Douglas’ theory of matter out of place is about power. Something in the wrong spot, something poisonous, is not matter out of place. Unless it threatens power.
What does that mean? As an affront to order, it means we are pollution. It means we must be aggressively ignored, ordered, or erased. We know this. This is part of why so many of us have been grieving since Wednesday.
Refusal is a method whereby researchers and research participants together decide not to make particular information available for use within the academy. Here are some strategies for identifying and collaborating with research refusals.
Toxics: A Symposium on Exposure, Entanglement, and Endurance was heralded as “the most important conversation on body burdens yet.” See the Twitter version of that conversation here.
From the specific case of marine plastics, Liboiron’s paper offers a more general point that those of us who study discards need to remember to take seriously: How we represent the materiality of the discards we study has a crucial influence on the effectiveness of any action proposed to solve or mitigate their generation.
Food Not Bombs and endeavors like it, I would argue, also create the conditions to queer categories of embodiment like race, class, and sex and interrogate their privileged incorporation by prevailing markets, publics, and institutions, cultivating emergent spaces of embodiment, contact, and collaboration across difference.
Article Alert! Place and Defilement Signposts Toward a New Theory of Purity in Sibley’s Geographies of Exclusion
Even if Mary Douglas’ Purity and Danger is the keystone text of Discard Studies, there are few scholars who work to extend, nuance, or contest the theory that dirt is “matter out of place.” A new review by Robbie Duschinsky and Donna Marie Brown in Space and Culture consider the spatial aspects of dirt in relation to David Sibley’s 1995 text Geographies of Exclusion: Society and Difference in the West.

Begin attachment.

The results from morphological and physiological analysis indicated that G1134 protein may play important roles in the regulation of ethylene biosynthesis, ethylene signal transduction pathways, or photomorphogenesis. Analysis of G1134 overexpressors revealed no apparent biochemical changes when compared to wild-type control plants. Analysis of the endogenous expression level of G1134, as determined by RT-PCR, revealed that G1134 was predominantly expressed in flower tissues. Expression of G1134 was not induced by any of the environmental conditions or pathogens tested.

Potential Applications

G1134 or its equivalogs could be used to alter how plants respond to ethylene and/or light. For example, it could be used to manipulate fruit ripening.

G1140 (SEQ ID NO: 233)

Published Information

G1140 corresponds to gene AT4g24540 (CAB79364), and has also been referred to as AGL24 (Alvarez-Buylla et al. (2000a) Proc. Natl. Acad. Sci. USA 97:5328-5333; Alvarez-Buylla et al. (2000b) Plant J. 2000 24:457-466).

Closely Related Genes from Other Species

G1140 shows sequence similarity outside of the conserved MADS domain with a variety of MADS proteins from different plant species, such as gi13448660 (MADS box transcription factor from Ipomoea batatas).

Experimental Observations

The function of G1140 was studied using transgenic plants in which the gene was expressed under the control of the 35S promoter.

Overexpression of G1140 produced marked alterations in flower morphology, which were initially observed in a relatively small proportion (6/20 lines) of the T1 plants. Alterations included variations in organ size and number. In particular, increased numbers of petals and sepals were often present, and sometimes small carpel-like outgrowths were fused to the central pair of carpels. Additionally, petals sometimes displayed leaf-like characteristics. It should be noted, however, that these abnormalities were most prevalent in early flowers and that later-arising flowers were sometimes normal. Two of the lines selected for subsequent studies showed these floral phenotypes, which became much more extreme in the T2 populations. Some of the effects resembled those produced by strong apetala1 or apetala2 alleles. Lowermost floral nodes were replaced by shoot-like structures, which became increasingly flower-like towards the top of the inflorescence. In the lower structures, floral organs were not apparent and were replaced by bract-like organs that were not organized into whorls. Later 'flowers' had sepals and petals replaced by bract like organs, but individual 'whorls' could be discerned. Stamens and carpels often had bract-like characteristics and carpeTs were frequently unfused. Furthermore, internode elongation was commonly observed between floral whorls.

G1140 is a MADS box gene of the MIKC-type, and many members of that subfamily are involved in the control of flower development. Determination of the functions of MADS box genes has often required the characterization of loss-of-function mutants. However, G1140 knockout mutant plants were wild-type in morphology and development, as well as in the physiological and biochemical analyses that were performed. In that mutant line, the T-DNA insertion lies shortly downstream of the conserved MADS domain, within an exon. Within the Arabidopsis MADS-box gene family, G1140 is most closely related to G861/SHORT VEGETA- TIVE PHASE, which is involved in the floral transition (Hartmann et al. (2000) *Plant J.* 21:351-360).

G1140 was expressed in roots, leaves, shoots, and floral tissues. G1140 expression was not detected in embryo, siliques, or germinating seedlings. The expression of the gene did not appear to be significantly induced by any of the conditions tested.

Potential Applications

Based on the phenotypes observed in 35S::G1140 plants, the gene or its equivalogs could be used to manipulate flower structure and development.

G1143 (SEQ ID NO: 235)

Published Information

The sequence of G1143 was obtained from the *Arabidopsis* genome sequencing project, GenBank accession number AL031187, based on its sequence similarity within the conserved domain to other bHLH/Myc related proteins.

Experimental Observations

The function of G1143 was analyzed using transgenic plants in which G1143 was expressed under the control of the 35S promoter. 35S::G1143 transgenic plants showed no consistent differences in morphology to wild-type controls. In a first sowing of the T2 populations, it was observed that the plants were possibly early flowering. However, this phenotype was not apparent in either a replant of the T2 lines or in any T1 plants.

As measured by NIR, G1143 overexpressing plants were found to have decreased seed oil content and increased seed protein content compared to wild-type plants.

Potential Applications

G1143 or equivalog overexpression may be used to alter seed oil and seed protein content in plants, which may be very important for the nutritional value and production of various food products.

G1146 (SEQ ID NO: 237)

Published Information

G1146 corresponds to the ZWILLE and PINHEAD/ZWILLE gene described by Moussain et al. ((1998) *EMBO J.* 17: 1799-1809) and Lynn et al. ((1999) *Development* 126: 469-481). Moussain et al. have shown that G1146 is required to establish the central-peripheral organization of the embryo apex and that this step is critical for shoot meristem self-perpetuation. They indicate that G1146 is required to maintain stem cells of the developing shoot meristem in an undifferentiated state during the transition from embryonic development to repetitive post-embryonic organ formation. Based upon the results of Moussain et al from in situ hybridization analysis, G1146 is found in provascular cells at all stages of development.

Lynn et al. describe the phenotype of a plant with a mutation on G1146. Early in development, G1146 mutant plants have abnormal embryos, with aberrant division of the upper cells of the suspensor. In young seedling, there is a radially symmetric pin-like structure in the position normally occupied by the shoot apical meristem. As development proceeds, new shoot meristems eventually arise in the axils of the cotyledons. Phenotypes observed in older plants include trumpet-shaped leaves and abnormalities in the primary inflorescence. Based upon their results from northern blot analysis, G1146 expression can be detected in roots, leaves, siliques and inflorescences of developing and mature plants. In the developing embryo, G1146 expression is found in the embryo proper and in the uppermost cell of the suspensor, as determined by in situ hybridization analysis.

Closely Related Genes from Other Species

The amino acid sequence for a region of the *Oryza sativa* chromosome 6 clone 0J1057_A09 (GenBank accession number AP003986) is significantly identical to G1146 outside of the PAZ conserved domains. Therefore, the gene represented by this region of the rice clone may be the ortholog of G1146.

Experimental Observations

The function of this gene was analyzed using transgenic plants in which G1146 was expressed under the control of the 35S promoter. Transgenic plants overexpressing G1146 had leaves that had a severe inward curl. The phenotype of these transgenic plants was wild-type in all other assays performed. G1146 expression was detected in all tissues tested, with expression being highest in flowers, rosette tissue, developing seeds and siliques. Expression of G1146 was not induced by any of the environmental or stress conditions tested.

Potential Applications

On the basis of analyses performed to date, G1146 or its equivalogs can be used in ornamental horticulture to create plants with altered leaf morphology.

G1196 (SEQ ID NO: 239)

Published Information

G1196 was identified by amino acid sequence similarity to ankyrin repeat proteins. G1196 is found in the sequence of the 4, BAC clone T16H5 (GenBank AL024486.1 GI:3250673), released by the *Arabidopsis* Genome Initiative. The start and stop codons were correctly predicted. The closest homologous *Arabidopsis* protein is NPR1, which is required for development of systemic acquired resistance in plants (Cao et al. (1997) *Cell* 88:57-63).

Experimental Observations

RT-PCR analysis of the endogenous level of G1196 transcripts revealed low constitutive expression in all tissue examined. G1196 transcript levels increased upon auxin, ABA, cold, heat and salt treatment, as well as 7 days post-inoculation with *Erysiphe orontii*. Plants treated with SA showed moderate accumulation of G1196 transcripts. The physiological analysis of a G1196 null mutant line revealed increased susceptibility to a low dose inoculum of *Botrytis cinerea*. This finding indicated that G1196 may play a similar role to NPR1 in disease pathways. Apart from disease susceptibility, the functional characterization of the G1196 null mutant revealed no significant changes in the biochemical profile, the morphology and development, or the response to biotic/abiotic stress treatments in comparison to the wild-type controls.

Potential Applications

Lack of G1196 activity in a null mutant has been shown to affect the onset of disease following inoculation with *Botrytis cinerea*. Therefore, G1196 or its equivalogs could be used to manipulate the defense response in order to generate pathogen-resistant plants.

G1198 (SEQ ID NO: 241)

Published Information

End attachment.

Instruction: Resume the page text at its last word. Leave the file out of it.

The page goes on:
Abjection describes a social and psychological process by which things like garbage, sewage, corpses and rotting food elicit powerful emotional responses like horror and disgust.
The petri dish was made for separation. As part of its ability to make separations between the contaminated world outside and the uncontaminated world inside, the dish also assisted in separating individuals from disease. These days, it’s getting harder for petri dishes to maintain these separations.
“I found that people compare themselves with and against each other regarding values and norms associated with news and responsible citizenship, and that these comparisons have implications for their sense of belonging within civil society. …[D]emonstrations of discontent provide an opportunity for people to enhance their sense of self and see themselves as legitimate members of civil society. They ‘become’ pure.”